HOW TO USE - possibilities are endless! I would divide the sequences into lots of 5 and tack them on after a cardio session. You could even repeat the sequence three times to really test endurance. A word of warning - this has a very heavy emphasis on glutes and extreme care must be taken not to let techniqe get sloppy, hence the suggestion for dividing it up and tacking it on to other sessions. You could even substitute some of it for your normal ab/hip workout. If the speed feels too fast in places, modify it.

OVERALL - GRADE A

Instructor comments: Tracie has done an excellent job in providing the market with a unique and useful product. ReVolutionary indeed!

Liz N

13th December 2004

This w/o is meant to be cross-trained w/ Core Strength. This w/o is cardio w/ a fun mixture of step (not as complicated as Cathe), plyo-type jumps and really interesting core work. The time just flies by! The music is wonderful and each tune really matches the exercises. What's nice about both CC and Core Strength is that there are no endless repetitions of any move, which seems to make things move faster, but also doesn't give you much time to figure stuff out. The first time I did this w/o, I didn't get everything down, but the more I do it, the more fun it becomes. This w/o is also good in the sense that it's very doable when I haven't been working out regularly, but when I am more in shape, the w/o is still challenging. The cast are the other 3 instructors from the 1st TLP w/os, and they are wonderful to watch. I think having the set as a naval carrier is cool. Everyone is dressed in coordinating outfits of red & black.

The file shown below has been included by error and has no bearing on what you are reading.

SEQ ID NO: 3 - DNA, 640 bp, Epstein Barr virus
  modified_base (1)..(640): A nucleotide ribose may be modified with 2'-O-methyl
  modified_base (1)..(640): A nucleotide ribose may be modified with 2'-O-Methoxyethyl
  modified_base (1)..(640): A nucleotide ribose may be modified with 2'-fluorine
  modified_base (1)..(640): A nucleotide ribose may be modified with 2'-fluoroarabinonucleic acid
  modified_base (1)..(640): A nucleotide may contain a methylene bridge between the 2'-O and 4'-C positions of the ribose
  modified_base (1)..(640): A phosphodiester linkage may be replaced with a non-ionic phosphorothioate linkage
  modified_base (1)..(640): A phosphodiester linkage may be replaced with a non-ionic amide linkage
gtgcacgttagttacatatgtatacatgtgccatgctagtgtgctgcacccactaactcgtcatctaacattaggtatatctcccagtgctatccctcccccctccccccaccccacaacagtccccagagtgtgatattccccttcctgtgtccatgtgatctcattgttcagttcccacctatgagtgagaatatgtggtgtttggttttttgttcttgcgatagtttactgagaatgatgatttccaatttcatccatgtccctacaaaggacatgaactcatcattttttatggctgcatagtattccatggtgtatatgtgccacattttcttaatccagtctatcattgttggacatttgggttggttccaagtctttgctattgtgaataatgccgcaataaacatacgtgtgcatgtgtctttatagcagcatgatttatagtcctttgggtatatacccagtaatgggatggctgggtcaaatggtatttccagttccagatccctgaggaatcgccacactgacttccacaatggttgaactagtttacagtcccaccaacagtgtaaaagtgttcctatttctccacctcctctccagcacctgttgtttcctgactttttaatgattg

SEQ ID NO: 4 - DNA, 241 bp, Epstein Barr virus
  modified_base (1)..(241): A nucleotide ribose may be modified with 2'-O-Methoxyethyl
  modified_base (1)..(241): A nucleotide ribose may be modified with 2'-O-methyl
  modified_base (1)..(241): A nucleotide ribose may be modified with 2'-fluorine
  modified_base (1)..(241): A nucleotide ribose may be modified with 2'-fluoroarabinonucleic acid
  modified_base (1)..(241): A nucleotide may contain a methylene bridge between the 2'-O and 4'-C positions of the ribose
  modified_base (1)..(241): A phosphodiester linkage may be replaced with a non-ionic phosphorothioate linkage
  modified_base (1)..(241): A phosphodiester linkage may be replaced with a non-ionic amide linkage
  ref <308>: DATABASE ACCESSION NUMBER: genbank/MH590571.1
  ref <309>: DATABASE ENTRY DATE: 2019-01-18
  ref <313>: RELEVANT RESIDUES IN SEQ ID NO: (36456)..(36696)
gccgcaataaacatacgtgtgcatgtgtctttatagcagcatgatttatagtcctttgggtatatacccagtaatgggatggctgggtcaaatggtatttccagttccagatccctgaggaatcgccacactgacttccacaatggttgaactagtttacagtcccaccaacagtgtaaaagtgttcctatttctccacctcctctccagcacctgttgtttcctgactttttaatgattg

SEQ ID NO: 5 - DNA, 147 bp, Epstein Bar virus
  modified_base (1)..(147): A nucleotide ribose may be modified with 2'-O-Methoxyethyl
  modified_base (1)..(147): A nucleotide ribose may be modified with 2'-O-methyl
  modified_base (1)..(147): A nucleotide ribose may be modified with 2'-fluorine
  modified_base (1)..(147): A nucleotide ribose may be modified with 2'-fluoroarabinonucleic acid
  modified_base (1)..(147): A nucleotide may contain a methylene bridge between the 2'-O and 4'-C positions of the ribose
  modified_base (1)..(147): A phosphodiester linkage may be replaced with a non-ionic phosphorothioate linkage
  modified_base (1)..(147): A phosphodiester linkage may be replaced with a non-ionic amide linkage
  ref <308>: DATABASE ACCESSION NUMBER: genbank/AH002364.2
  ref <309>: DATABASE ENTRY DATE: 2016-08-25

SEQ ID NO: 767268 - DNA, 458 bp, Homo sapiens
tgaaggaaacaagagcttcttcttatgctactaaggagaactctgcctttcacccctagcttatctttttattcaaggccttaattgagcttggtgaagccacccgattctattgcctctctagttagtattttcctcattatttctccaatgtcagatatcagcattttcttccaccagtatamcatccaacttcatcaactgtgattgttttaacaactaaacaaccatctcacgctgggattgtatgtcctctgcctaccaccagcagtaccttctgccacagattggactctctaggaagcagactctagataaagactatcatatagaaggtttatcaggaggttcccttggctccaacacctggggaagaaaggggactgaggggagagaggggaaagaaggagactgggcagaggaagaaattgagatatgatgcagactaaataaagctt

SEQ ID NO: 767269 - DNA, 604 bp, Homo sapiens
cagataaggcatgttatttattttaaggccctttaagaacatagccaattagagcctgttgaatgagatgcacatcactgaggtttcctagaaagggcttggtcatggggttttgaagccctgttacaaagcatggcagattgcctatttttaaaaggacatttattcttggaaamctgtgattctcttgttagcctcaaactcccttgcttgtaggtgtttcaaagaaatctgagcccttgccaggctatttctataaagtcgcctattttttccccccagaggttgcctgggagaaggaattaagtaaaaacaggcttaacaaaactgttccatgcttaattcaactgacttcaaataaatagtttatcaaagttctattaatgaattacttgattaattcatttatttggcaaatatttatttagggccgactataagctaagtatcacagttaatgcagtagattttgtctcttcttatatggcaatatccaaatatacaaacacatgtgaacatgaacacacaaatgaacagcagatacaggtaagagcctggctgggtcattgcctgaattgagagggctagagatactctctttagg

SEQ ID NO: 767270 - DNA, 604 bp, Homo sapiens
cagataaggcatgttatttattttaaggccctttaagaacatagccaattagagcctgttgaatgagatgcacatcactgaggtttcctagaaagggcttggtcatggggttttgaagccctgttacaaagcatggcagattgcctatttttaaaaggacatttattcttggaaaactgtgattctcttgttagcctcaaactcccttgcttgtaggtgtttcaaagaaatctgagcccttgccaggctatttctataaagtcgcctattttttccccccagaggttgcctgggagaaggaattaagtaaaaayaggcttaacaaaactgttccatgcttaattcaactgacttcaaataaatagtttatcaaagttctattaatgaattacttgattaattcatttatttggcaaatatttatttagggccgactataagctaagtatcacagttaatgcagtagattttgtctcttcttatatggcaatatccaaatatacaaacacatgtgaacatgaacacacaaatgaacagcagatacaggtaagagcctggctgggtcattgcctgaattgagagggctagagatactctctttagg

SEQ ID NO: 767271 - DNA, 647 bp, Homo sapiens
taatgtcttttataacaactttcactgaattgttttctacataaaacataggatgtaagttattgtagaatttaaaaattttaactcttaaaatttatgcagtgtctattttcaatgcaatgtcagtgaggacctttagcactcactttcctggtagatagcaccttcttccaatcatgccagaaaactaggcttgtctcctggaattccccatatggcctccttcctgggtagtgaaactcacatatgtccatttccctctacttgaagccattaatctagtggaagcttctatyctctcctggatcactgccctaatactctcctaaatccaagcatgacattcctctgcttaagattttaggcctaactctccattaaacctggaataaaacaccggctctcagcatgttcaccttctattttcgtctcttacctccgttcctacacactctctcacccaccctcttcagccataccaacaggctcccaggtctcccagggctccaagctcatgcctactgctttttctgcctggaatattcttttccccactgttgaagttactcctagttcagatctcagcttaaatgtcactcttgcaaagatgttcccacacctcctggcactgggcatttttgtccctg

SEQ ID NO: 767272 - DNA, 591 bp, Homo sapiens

Instructor comments: Tracie looks fantastic in the Yorktown w/os! She looks like she's having fun but still working hard. She doesn't even demonstrate the most advanced level, which is comforting to me! Her cuing is excellent as usual.

belle411

1-9-05

Core Cardio is part of the 2-DVD Functional Foundations set released by Tracie Long Productions (TLP; the set is also referred to as the “Yorktowns” because the workouts were filmed on the USS Yorktown). It is a fast-paced, unique 50-minute cardio workout that uses a step, a medicine ball, and a band. The choreography is fun and different, and while the moves themselves are fairly simple, I had trouble following along the first time through; it was easier the second time, but it will still take some additional practice on my part to get the moves down. I should note that I was adapting the moves from the full-size step that Tracie and co. use to the small top of my Fanny Lifter—this IS doable, but a full step would certainly be more ideal. I also used a 4# medicine ball and a knotted band.